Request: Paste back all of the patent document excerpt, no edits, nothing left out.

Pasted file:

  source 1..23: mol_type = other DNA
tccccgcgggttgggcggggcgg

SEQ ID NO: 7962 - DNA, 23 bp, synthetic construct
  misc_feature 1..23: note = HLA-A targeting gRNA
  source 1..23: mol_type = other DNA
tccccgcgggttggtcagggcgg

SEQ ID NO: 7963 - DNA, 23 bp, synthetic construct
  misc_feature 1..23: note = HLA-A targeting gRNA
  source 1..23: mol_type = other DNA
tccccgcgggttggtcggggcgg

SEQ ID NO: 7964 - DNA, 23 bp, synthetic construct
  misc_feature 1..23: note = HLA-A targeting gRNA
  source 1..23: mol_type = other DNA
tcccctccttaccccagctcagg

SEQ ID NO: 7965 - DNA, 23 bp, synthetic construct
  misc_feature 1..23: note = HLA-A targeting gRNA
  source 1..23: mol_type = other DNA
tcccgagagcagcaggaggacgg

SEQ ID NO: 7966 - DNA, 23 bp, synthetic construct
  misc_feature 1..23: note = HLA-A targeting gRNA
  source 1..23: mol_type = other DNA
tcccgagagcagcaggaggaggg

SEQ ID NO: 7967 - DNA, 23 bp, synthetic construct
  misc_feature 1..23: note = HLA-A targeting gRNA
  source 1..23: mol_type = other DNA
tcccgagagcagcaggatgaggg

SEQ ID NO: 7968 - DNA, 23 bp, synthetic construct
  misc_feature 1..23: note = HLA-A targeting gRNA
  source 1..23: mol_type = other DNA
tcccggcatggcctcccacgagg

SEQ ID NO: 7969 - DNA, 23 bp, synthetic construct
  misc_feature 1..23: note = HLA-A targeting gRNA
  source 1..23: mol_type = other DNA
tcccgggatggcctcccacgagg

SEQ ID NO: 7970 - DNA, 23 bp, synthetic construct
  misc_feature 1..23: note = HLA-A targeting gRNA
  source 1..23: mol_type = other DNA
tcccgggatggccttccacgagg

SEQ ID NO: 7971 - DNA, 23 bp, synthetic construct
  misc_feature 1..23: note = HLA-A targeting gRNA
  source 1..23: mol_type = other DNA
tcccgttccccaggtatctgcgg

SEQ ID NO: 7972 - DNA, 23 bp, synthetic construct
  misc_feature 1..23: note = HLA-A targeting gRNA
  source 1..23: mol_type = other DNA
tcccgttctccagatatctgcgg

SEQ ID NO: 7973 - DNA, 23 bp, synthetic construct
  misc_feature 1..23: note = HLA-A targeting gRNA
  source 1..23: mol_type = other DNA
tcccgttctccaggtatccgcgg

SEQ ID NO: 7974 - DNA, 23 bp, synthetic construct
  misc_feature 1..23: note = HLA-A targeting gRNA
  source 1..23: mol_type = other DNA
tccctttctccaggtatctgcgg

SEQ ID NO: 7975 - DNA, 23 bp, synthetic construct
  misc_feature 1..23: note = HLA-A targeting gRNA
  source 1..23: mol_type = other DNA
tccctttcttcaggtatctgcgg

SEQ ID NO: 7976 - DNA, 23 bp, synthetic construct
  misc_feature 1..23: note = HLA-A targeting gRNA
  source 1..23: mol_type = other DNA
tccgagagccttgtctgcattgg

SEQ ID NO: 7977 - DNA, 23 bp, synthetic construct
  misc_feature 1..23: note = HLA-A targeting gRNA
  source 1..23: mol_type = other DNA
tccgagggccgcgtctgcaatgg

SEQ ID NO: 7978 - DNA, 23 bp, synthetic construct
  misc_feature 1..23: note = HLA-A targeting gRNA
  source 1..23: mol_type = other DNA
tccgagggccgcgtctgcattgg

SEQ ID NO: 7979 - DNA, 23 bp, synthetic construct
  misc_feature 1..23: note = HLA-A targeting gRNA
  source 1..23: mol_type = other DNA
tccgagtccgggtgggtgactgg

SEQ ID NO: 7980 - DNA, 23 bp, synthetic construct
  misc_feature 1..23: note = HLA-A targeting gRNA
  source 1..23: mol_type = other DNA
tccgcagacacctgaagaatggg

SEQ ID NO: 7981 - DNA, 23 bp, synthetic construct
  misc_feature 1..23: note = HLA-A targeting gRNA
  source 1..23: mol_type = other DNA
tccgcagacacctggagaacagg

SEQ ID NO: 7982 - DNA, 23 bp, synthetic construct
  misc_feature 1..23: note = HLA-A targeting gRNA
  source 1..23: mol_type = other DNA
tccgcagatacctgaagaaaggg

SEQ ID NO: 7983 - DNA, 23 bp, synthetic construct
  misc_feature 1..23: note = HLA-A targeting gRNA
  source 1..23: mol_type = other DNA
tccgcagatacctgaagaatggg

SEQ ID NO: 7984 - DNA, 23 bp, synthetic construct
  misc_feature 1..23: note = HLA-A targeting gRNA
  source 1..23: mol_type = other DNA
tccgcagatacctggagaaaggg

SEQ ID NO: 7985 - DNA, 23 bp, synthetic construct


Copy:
  source 1..23: mol_type = other DNA
tccccgcgggttgggcggggcgg

SEQ ID NO: 7962 - DNA, 23 bp, synthetic construct
  misc_feature 1..23: note = HLA-A targeting gRNA
  source 1..23: mol_type = other DNA
tccccgcgggttggtcagggcgg

SEQ ID NO: 7963 - DNA, 23 bp, synthetic construct
  misc_feature 1..23: note = HLA-A targeting gRNA
  source 1..23: mol_type = other DNA
tccccgcgggttggtcggggcgg

SEQ ID NO: 7964 - DNA, 23 bp, synthetic construct
  misc_feature 1..23: note = HLA-A targeting gRNA
  source 1..23: mol_type = other DNA
tcccctccttaccccagctcagg

SEQ ID NO: 7965 - DNA, 23 bp, synthetic construct
  misc_feature 1..23: note = HLA-A targeting gRNA
  source 1..23: mol_type = other DNA
tcccgagagcagcaggaggacgg

SEQ ID NO: 7966 - DNA, 23 bp, synthetic construct
  misc_feature 1..23: note = HLA-A targeting gRNA
  source 1..23: mol_type = other DNA
tcccgagagcagcaggaggaggg

SEQ ID NO: 7967 - DNA, 23 bp, synthetic construct
  misc_feature 1..23: note = HLA-A targeting gRNA
  source 1..23: mol_type = other DNA
tcccgagagcagcaggatgaggg

SEQ ID NO: 7968 - DNA, 23 bp, synthetic construct
  misc_feature 1..23: note = HLA-A targeting gRNA
  source 1..23: mol_type = other DNA
tcccggcatggcctcccacgagg

SEQ ID NO: 7969 - DNA, 23 bp, synthetic construct
  misc_feature 1..23: note = HLA-A targeting gRNA
  source 1..23: mol_type = other DNA
tcccgggatggcctcccacgagg

SEQ ID NO: 7970 - DNA, 23 bp, synthetic construct
  misc_feature 1..23: note = HLA-A targeting gRNA
  source 1..23: mol_type = other DNA
tcccgggatggccttccacgagg

SEQ ID NO: 7971 - DNA, 23 bp, synthetic construct
  misc_feature 1..23: note = HLA-A targeting gRNA
  source 1..23: mol_type = other DNA
tcccgttccccaggtatctgcgg

SEQ ID NO: 7972 - DNA, 23 bp, synthetic construct
  misc_feature 1..23: note = HLA-A targeting gRNA
  source 1..23: mol_type = other DNA
tcccgttctccagatatctgcgg

SEQ ID NO: 7973 - DNA, 23 bp, synthetic construct
  misc_feature 1..23: note = HLA-A targeting gRNA
  source 1..23: mol_type = other DNA
tcccgttctccaggtatccgcgg

SEQ ID NO: 7974 - DNA, 23 bp, synthetic construct
  misc_feature 1..23: note = HLA-A targeting gRNA
  source 1..23: mol_type = other DNA
tccctttctccaggtatctgcgg

SEQ ID NO: 7975 - DNA, 23 bp, synthetic construct
  misc_feature 1..23: note = HLA-A targeting gRNA
  source 1..23: mol_type = other DNA
tccctttcttcaggtatctgcgg

SEQ ID NO: 7976 - DNA, 23 bp, synthetic construct
  misc_feature 1..23: note = HLA-A targeting gRNA
  source 1..23: mol_type = other DNA
tccgagagccttgtctgcattgg

SEQ ID NO: 7977 - DNA, 23 bp, synthetic construct
  misc_feature 1..23: note = HLA-A targeting gRNA
  source 1..23: mol_type = other DNA
tccgagggccgcgtctgcaatgg

SEQ ID NO: 7978 - DNA, 23 bp, synthetic construct
  misc_feature 1..23: note = HLA-A targeting gRNA
  source 1..23: mol_type = other DNA
tccgagggccgcgtctgcattgg

SEQ ID NO: 7979 - DNA, 23 bp, synthetic construct
  misc_feature 1..23: note = HLA-A targeting gRNA
  source 1..23: mol_type = other DNA
tccgagtccgggtgggtgactgg

SEQ ID NO: 7980 - DNA, 23 bp, synthetic construct
  misc_feature 1..23: note = HLA-A targeting gRNA
  source 1..23: mol_type = other DNA
tccgcagacacctgaagaatggg

SEQ ID NO: 7981 - DNA, 23 bp, synthetic construct
  misc_feature 1..23: note = HLA-A targeting gRNA
  source 1..23: mol_type = other DNA
tccgcagacacctggagaacagg

SEQ ID NO: 7982 - DNA, 23 bp, synthetic construct
  misc_feature 1..23: note = HLA-A targeting gRNA
  source 1..23: mol_type = other DNA
tccgcagatacctgaagaaaggg

SEQ ID NO: 7983 - DNA, 23 bp, synthetic construct
  misc_feature 1..23: note = HLA-A targeting gRNA
  source 1..23: mol_type = other DNA
tccgcagatacctgaagaatggg

SEQ ID NO: 7984 - DNA, 23 bp, synthetic construct
  misc_feature 1..23: note = HLA-A targeting gRNA
  source 1..23: mol_type = other DNA
tccgcagatacctggagaaaggg

SEQ ID NO: 7985 - DNA, 23 bp, synthetic construct